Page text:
Weight Loss Benefits From Morning Milk

Kathleen Blanchard's picture
Weight loss and drinking milk
Advertisement

Results of a new study show that drinking fat-free milk, rather than juice for breakfast, can help cut calories at lunchtime and contribute to overall weight loss. Researchers recently studied 34 overweight individuals, finding the group consumed 50 fewer calories at lunchtime. They found that drinking fat free milk allowed the group to feel fuller and more satisfied longer, leading to less calorie consumption at lunch. Drinking fat free milk in the morning may help with weight loss.

The men and women in the study consumed either twenty ounces of fat-free milk or the same amount of juice for breakfast, each equaling about 250 calories. They reported feeling of food satisfaction for the next four hours, and then ate lunch until they were full. Those who consumed fat-free milk instead of juice for breakfast ate less at lunchtime. The results show that milk may be the beverage of choice for anyone trying to cut calories and lose weight.

Advertisement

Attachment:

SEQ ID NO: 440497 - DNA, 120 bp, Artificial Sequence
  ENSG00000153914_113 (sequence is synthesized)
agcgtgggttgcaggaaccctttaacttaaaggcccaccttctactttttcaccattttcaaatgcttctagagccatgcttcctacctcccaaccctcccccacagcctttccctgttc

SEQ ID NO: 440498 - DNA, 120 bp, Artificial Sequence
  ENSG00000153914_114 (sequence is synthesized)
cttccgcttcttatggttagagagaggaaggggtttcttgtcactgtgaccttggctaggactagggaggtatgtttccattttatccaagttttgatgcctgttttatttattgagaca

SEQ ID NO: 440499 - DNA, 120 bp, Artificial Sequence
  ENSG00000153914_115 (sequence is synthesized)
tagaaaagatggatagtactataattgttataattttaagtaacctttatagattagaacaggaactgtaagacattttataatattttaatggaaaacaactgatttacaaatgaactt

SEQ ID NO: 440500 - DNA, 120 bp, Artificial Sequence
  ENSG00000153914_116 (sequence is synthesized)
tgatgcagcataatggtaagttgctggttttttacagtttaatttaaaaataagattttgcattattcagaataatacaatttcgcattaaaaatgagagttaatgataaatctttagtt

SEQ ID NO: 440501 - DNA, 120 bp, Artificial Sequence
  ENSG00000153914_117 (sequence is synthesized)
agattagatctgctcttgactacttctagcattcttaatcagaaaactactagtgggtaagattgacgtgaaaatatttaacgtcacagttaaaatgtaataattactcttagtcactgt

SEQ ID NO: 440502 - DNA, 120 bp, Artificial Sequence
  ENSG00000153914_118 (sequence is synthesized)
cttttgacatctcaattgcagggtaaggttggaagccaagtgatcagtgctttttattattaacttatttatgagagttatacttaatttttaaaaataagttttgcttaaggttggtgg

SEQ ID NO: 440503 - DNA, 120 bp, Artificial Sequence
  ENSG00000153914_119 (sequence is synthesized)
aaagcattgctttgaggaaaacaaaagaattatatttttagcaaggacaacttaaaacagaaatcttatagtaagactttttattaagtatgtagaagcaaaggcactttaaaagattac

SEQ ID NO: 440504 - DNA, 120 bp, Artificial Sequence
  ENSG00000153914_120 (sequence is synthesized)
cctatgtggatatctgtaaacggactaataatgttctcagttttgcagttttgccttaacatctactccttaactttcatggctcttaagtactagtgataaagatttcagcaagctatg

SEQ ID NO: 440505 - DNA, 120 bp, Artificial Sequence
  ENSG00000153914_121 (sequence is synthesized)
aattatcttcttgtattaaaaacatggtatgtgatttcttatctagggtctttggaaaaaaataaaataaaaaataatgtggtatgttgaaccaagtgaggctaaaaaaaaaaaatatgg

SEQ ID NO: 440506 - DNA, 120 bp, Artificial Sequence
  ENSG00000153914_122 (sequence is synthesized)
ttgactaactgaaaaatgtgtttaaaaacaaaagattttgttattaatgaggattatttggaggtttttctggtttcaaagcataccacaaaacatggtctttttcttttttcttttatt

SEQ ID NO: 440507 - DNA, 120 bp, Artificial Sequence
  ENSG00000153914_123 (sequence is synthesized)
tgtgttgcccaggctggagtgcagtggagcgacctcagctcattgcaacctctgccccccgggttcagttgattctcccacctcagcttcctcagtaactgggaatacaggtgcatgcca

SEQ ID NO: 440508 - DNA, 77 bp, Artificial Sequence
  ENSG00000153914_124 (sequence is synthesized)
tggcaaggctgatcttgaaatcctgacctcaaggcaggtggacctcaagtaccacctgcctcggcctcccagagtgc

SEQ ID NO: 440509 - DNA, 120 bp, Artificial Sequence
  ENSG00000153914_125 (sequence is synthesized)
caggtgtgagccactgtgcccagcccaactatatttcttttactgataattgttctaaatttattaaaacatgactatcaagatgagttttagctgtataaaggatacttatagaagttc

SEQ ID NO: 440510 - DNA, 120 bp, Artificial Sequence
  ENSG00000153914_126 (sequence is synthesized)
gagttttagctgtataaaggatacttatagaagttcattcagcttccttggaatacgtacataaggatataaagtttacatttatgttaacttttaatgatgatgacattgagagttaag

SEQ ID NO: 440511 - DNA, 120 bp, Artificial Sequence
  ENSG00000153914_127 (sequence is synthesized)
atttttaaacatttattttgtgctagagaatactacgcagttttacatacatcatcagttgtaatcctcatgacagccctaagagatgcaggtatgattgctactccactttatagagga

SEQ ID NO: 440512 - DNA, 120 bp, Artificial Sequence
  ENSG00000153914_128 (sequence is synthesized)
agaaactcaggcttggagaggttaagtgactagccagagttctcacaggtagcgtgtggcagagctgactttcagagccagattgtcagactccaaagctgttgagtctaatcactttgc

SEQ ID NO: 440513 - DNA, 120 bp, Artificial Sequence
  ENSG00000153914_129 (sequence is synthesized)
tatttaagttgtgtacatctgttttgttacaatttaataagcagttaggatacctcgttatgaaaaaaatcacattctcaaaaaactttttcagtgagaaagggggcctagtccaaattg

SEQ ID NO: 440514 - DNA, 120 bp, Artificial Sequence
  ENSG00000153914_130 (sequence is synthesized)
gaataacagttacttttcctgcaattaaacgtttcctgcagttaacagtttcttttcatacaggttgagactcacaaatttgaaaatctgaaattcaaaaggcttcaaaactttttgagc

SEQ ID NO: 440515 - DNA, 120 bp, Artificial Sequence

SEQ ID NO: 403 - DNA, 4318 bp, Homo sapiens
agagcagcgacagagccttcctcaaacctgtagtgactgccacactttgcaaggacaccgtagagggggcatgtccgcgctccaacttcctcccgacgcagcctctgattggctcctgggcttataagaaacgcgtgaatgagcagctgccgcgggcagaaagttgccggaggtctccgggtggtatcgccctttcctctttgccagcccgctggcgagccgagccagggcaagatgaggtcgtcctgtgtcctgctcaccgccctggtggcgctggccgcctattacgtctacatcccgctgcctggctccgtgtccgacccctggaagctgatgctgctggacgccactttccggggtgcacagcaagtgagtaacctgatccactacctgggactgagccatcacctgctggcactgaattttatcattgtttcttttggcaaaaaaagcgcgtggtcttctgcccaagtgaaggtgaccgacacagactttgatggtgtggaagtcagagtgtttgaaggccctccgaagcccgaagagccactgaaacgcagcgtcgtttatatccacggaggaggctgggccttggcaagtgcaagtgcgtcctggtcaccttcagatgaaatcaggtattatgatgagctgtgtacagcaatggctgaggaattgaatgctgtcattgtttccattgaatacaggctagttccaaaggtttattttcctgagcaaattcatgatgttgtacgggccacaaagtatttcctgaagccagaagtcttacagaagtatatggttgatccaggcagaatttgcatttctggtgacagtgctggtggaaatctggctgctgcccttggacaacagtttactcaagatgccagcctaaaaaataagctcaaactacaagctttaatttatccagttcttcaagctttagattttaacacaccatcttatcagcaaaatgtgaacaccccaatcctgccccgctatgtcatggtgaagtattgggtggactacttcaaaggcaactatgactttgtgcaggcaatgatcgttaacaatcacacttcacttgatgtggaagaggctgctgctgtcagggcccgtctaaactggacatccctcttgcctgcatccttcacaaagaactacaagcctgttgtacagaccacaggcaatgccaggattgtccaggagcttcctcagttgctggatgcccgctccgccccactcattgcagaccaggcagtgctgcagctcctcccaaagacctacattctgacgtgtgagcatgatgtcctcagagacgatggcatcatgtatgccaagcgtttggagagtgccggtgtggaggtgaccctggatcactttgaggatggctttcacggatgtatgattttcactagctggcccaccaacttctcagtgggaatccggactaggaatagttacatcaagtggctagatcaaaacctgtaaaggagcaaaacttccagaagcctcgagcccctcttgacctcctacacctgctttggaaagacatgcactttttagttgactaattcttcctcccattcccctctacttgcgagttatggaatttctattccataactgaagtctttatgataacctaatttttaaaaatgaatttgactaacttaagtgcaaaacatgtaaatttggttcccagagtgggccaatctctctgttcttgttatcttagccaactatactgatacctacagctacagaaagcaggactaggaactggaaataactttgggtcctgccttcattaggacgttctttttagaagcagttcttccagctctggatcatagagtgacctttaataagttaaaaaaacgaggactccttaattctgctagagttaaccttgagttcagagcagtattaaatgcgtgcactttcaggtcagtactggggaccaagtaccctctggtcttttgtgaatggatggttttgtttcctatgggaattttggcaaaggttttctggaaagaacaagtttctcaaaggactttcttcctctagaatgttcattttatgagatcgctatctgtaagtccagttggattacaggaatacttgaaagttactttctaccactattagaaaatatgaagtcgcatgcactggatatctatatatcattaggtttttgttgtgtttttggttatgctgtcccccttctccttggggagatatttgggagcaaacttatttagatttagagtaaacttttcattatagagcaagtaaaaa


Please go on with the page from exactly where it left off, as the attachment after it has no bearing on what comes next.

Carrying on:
Feeling satisfied after eating is a contributing factor for weight loss and maintenance. The study authors suggest the protein in milk, or the thickness may play a role in the findings. Choosing foods that provide satiety is a recommended weight loss strategy.

Consuming 50 calories less each day can contribute to weight loss goals, but diets often fail because of hunger cravings. Recent research suggests eating 100 calories more per day leads to two pounds of weight gain annually, contributing to obesity rates.

The study, published in the July issue of the American Journal of Clinical Nutrition suggests drinking fat-free milk in the morning may be a better option than drinking juice to stave off morning hunger, and get essential nutrients, making the study notable for anyone trying to lose weight. Additionally, study participants stayed fuller, consuming fewer calories at lunchtime. Cutting calories slightly can add up over time and can lead to weight loss.

American Journal of Clinical Nutrition. 2009;90:70-75.

Advertisement